It’s now midday as we drive to Milford car park. The fine weather has brought out the masses and we sit on the benches with our scopes, looking towards the Isle of Wight and the chalk stacks of the Needles. As we eat our sandwiches, the inevitable questions are asked by the passers-by: “What are you looking at? How far can you see with your telescope?”. A guy on a mobile scooter stops and completely blocks our view, before asking: “Are you searching for migrants?” It transpires he didn’t mean migrant birds!
There’s not much happening out there, just a few milling Northern Gannets and the odd Great Cormorant and European Shag, but Tommy suddenly calls a flying diver, which veers towards us – we have our third diver species for the day: Black-throated! It drops onto the sea and we get a chance to scope it as it preens. It’s 12.20 pm and we’ve clocked up 104 species, but the going now gets harder.
We now retrace our steps a little, passing eastwards along the coast to some more lagoons. White specks in the top of an oak become a group of five Eurasian Spoonbills while, among the grazing Canada and Egyptian Goose close by, we finally find a small group of Eurasian White-fronted Geese. Offshore, two dapper Slavonian Grebes are diving.
It’s now time for a twitch – Waxwings have been reported in the Asda car park in Totton! It takes half an hour and we arrive to find most of the berries gone and no birds. We give it 10 minutes before deciding to drive a few of the roads close by to see if we can find the reported flock. Bingo! Some 11 stunning crested beauties are perched in the top of an Ash tree. Sacrilegiously, we only marvel at them for a moment, as time is now precious. It’s only 2 pm but the light is already beginning to fade. The Totton bridge over the River Test gives us views of a wintering Common Sandpiper and Tommy spots a Water Pipit, but we fail to all catch up with it. Hopefully though, we have another site for these later.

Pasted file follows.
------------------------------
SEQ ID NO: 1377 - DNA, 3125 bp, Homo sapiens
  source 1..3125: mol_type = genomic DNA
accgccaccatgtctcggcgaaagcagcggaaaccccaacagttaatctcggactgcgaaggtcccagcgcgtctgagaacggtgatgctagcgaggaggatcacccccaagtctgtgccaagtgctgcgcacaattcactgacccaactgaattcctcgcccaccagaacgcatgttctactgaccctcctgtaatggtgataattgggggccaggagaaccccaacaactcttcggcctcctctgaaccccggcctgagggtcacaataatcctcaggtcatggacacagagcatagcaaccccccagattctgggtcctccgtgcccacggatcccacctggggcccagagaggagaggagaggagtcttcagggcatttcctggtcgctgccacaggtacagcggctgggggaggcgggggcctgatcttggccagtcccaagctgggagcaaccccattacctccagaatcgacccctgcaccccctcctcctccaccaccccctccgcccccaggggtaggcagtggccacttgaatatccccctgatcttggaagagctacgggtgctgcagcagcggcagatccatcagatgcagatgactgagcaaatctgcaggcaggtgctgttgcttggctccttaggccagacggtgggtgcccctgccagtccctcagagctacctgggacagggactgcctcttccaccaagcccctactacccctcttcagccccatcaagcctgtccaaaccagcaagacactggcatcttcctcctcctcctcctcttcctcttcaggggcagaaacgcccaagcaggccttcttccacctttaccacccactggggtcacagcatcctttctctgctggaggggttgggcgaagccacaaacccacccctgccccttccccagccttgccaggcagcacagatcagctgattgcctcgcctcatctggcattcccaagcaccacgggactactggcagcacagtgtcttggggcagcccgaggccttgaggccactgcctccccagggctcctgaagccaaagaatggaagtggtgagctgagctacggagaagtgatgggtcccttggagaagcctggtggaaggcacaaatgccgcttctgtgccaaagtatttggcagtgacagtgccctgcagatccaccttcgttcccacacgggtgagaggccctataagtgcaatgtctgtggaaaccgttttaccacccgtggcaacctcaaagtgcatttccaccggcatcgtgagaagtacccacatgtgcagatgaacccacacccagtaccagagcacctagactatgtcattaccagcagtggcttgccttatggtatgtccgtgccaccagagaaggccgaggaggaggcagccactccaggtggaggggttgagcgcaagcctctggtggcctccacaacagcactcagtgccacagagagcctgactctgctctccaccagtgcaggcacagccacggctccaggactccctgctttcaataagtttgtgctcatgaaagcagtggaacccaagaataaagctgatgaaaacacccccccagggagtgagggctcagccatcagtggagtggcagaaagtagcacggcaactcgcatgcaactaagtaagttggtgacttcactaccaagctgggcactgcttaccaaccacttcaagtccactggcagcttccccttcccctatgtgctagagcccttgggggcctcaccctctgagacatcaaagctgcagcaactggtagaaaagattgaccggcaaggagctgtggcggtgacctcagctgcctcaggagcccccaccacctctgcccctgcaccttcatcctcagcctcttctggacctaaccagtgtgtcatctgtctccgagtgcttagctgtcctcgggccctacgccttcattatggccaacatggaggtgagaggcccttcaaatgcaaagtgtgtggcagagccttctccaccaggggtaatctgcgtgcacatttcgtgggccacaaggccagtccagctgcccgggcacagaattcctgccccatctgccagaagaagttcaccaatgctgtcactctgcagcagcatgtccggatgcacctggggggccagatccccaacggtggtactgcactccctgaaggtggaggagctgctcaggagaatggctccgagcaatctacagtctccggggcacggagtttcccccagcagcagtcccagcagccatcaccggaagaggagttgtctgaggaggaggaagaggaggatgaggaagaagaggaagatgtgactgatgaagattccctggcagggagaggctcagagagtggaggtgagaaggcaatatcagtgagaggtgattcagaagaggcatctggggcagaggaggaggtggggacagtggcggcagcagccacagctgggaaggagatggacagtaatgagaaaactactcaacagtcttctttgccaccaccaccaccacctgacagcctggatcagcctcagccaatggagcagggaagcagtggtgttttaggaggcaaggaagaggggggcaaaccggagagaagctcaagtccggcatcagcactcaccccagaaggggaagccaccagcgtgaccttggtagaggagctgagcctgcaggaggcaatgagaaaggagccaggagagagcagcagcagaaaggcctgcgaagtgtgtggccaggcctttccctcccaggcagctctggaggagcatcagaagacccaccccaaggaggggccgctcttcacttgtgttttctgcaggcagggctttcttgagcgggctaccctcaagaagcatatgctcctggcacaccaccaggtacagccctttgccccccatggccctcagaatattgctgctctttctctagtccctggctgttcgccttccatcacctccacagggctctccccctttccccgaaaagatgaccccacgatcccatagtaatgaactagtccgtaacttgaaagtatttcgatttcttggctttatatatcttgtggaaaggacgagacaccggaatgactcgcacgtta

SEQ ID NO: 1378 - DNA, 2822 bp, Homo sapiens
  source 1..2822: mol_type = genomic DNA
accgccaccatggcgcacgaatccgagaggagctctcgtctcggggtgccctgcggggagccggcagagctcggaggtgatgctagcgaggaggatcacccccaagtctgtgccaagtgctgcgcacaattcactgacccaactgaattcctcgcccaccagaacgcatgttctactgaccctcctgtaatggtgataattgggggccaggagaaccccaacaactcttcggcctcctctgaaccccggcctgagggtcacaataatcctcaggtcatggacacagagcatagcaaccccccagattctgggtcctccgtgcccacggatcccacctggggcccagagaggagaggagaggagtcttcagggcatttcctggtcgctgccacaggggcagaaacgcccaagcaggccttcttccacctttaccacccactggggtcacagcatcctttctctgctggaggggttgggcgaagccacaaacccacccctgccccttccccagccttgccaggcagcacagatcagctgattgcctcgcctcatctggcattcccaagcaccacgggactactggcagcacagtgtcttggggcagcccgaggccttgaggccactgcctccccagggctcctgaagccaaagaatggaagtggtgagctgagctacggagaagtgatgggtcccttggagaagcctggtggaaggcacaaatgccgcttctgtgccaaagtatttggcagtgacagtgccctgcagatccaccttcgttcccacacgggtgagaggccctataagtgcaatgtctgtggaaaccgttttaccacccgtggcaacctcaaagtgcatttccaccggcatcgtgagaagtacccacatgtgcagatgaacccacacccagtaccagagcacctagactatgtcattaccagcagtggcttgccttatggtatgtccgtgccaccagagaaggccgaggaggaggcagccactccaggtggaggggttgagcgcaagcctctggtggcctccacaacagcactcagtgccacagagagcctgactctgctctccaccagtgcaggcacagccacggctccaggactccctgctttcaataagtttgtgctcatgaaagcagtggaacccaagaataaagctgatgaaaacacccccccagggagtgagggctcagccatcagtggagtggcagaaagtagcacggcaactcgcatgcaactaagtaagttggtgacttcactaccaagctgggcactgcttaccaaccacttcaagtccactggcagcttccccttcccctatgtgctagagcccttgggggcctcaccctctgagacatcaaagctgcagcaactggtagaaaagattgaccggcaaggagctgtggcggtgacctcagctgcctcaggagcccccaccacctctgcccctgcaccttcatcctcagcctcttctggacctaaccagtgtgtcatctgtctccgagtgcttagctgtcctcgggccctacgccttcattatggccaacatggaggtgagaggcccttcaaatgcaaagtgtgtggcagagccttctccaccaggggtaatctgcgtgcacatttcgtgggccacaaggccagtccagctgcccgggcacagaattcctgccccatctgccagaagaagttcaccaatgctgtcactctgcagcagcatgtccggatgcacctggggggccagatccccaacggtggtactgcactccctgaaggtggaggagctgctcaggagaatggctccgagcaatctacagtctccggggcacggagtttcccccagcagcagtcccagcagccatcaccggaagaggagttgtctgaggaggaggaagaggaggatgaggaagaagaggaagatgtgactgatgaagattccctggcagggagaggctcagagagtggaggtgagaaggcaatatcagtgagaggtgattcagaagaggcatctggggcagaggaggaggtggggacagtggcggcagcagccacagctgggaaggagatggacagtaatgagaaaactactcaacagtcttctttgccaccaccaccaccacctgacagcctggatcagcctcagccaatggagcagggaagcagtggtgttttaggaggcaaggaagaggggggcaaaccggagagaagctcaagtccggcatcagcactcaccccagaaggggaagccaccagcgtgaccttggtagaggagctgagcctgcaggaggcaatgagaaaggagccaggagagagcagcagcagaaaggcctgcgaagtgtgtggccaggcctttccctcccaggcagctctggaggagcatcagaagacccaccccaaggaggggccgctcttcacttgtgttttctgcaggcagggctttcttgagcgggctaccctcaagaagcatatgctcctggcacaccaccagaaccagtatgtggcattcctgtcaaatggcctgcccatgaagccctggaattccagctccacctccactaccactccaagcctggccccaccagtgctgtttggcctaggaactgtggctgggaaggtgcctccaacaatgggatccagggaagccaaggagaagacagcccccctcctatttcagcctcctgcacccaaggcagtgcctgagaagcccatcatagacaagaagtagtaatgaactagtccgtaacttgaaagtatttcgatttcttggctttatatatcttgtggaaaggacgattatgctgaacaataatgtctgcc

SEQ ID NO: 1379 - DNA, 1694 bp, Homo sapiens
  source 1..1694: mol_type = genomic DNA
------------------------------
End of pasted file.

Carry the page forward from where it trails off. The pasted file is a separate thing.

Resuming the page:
It’s quickly onto the A31 dual carriageway as we head west. The two in the back of the vehicle see a Northern Raven but, as we gaze skywards (and miss it), they then say it was on the ground! It’s too far to go to turn around so, again, we hope for another later. Blashford Lakes is our next stop where the hide overlooking Ibsley Water is almost full. However, I manage to get a seat and set up my scope, while the other lean against the back wall.
There are thousands of Lesser Black-backed Gulls out there, with a few Yellow-legged Gulls. It doesn’t take me long to find the first-winter Caspian Gull on its favourite island and in the background a Black-necked Grebe is diving. Small groups of Goosander are arriving to roost and, with that, the 124 record is already broken! After 10 minutes we leave and move to another hide overlooking the same lake, where there are three Green Sandpipers and a Water Pipit.
Back to the car and another ten-minute drive has us parked and walking to a viewpoint overlooking an area of heath in the northwest of the New Forest. As dusk falls, two Hen Harriers drop into roost and a Yellowhammer lands close by and calls. A small pool holds a feeding Jack Snipe, which gives good views. We’re still not finished, though, as there are potentially a few more species to find, even though it’s now pretty dark. Eyeworth Pond holds some smart drake Mandarin Ducks, seen in the car headlights. Then, back at Romsey, we have at least a dozen Water Rails calling from their marshy wintering grounds – the final bird of the day. It’s now 6 pm.
Inevitably, we missed a few species – remarkably, no Fieldfares (thin on the ground this year) and no other Northern Ravens. In all, it was an amazing day with 132 species tallied up in less than 12 hours. This is the new Hampshire record for 1 January, but is it a new UK record? We’d be interested to hear from other counties and mightily impressed if a higher midwinter count has been achieved before.